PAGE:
If you’re planning on having a baby, here’s one more disease to watch out for that could get in your way of becoming a parent.
A study conducted by researchers from the Johns Hopkins Children’s Center, included 831 women between 14 and 38 years old with pelvic inflammatory disease (PID) for seven years. Almost a fifth of these women were infertile, and 43 percent reported experiencing chronic pelvic pain.
The study’s major findings were that women who have had PID more than once actually have double the risk for infertility and quadruple the risk for experiencing chronic pelvic pain. A report of the study has been published in the journal Sexually Transmitted Diseases.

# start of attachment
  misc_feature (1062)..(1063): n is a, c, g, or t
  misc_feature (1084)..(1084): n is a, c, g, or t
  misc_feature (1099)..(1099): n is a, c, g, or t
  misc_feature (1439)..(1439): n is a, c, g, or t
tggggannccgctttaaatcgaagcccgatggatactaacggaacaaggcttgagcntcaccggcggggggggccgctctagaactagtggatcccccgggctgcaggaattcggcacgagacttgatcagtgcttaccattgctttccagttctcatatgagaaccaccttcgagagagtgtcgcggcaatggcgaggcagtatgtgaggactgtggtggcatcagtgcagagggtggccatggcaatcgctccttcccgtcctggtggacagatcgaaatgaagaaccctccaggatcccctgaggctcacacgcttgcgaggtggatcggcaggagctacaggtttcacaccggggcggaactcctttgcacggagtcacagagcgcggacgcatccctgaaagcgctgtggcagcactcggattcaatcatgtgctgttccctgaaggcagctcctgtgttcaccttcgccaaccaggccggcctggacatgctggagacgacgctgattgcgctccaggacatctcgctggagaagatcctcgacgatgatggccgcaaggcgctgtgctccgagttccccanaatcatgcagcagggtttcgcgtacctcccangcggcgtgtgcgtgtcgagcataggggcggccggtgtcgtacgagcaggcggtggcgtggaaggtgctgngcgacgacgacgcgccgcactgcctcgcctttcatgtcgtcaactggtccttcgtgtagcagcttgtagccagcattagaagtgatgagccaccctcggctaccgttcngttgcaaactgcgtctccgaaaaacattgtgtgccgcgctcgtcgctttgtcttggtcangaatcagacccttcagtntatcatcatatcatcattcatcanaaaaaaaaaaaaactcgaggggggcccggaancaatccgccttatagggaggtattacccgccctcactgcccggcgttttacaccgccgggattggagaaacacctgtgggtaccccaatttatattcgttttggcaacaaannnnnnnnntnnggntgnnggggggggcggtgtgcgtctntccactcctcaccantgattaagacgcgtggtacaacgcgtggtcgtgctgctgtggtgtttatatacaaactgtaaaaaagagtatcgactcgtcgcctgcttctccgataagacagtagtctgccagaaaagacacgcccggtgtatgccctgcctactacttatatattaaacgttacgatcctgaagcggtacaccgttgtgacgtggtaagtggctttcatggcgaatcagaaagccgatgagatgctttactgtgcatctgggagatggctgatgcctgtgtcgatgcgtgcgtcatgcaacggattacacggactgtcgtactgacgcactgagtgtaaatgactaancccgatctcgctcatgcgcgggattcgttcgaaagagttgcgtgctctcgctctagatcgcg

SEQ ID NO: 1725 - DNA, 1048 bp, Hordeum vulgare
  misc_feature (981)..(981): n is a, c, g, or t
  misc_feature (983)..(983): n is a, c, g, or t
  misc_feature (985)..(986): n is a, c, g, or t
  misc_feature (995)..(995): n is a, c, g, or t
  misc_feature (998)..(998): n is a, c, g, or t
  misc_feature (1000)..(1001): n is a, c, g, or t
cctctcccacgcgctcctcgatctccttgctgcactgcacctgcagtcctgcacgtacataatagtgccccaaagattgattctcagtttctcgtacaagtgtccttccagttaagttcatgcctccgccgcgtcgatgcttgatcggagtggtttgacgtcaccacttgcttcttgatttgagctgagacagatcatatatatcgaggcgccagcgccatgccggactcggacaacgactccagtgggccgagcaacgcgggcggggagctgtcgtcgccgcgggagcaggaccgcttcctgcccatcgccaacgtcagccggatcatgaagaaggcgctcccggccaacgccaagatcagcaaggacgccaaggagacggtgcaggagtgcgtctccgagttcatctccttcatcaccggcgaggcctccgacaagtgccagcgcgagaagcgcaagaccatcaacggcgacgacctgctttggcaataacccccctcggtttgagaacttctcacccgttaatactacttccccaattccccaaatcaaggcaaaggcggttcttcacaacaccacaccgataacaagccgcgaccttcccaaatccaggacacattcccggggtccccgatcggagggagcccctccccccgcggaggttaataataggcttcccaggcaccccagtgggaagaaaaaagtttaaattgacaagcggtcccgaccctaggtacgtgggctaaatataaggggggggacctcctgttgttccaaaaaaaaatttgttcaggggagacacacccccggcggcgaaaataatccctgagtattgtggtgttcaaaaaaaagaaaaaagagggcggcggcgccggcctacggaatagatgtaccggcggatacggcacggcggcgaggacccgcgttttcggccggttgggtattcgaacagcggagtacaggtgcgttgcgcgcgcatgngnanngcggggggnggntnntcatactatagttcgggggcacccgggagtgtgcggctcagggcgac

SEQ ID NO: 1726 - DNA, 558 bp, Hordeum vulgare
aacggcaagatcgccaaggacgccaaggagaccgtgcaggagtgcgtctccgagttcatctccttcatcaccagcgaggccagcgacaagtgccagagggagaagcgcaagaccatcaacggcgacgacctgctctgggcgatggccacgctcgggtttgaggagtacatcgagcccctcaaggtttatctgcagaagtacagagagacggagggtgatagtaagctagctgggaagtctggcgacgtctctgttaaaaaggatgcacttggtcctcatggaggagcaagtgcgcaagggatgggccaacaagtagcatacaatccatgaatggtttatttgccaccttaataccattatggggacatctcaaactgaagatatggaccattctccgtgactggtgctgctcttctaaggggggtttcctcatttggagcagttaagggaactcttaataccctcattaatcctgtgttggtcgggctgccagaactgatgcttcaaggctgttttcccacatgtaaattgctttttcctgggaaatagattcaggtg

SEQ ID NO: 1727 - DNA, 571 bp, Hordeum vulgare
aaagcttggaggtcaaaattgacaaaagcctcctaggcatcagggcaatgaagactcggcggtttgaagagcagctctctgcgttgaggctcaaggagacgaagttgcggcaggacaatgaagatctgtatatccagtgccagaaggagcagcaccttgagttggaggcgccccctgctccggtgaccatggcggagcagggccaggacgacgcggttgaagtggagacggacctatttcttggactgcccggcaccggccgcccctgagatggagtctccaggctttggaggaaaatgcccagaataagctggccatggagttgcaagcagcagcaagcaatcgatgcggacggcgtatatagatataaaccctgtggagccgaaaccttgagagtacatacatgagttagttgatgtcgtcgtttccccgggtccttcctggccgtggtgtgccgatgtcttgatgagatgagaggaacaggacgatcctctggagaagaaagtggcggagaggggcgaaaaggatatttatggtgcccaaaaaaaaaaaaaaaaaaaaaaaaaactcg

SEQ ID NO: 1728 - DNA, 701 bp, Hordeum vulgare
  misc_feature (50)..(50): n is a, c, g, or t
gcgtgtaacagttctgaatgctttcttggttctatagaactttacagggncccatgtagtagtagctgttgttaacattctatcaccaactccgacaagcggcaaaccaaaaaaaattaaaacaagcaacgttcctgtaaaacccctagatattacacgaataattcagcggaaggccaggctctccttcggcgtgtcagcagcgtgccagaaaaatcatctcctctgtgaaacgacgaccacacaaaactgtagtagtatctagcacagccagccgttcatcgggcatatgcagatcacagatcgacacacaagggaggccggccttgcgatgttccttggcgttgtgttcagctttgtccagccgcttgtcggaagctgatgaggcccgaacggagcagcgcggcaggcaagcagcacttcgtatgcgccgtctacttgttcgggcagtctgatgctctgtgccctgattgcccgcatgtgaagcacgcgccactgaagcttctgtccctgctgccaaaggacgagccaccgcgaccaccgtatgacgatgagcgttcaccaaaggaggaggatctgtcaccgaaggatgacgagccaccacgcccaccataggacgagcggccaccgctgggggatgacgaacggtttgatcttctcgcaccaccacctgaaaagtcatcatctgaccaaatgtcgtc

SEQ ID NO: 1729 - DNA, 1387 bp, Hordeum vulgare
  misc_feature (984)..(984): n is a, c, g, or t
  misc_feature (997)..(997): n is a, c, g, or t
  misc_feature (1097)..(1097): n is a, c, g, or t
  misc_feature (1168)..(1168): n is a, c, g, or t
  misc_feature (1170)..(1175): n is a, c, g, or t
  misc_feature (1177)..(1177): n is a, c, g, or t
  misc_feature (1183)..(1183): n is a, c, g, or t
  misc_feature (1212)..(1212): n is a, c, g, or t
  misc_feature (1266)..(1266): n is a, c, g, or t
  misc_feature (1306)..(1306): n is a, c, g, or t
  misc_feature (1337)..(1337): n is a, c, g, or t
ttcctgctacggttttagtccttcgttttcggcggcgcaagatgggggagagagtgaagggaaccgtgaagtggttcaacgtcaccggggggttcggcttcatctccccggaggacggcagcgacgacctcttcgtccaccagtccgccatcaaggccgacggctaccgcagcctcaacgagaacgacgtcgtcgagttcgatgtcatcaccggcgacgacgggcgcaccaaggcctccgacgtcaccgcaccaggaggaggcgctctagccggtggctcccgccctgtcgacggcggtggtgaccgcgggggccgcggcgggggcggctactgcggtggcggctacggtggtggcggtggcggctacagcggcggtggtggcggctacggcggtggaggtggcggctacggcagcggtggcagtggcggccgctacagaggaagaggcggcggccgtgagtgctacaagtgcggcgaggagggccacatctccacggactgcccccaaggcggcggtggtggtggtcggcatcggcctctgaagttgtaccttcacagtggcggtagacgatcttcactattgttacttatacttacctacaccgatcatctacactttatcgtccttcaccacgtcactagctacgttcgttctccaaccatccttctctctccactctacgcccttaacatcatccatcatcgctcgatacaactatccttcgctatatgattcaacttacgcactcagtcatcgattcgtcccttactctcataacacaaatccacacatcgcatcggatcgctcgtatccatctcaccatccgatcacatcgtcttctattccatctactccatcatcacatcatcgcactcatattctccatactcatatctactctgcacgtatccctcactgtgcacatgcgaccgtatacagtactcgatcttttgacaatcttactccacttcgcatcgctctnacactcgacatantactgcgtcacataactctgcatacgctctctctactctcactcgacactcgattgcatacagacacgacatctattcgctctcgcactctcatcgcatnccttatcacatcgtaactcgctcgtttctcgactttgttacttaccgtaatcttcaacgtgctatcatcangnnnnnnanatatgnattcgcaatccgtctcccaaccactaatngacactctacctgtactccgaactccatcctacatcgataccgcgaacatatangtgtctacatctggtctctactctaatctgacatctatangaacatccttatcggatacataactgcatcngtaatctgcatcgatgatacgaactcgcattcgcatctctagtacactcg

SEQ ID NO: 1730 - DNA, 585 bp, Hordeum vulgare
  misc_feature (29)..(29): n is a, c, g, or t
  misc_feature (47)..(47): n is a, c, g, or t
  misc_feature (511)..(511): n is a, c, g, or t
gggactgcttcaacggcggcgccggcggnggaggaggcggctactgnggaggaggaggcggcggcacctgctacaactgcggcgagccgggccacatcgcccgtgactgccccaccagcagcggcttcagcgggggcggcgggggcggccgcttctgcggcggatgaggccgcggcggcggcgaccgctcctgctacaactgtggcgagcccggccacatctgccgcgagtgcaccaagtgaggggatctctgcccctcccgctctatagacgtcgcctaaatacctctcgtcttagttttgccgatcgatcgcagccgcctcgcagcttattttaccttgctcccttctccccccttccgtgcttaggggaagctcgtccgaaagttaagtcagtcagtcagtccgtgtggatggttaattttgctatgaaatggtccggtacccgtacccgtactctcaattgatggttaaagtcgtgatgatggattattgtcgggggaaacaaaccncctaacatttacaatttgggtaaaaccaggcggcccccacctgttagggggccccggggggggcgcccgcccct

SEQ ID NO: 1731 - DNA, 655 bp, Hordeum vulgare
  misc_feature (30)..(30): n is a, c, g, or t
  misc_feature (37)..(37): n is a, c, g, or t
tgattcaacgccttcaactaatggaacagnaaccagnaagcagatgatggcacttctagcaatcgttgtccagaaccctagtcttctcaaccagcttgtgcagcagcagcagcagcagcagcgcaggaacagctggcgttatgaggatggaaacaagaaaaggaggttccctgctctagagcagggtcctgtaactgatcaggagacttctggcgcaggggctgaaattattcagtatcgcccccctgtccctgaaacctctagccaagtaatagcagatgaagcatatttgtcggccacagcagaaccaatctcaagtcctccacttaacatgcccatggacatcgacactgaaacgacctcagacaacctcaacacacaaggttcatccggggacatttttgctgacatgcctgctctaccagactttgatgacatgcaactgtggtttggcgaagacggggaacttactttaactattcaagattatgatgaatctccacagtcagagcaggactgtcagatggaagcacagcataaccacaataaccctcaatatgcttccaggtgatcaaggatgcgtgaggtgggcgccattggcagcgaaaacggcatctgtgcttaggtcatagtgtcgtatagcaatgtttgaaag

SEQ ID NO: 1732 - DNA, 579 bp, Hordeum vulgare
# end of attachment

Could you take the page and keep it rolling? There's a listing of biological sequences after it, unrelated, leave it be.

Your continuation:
Among the teens included in the study, 40 percent experienced chronic pelvic pain, and those with recurrent PID were five times more at risk of chronic pelvic pain versus teens without PID. Said researcher Dr. Maria Trent, "The fact that close to one-fifth of these girls were already showing signs of infertility is quite alarming, and might mean that the numbers will increase as these girls get older and actively try to get pregnant.”
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PID is typically characterized by an infection of a woman’s pelvic organs, namely the uterus, the Fallopian tubes, ovaries and the cervix. This is caused by a sexually transmitted disease such as Gonorrhea (bacterial infection causing vaginal discharge, vaginal swelling or redness, burning, itching, etc.) or Chlamydia (an infection the most common symptom of which is cervicitis or infection of the uterine cervix).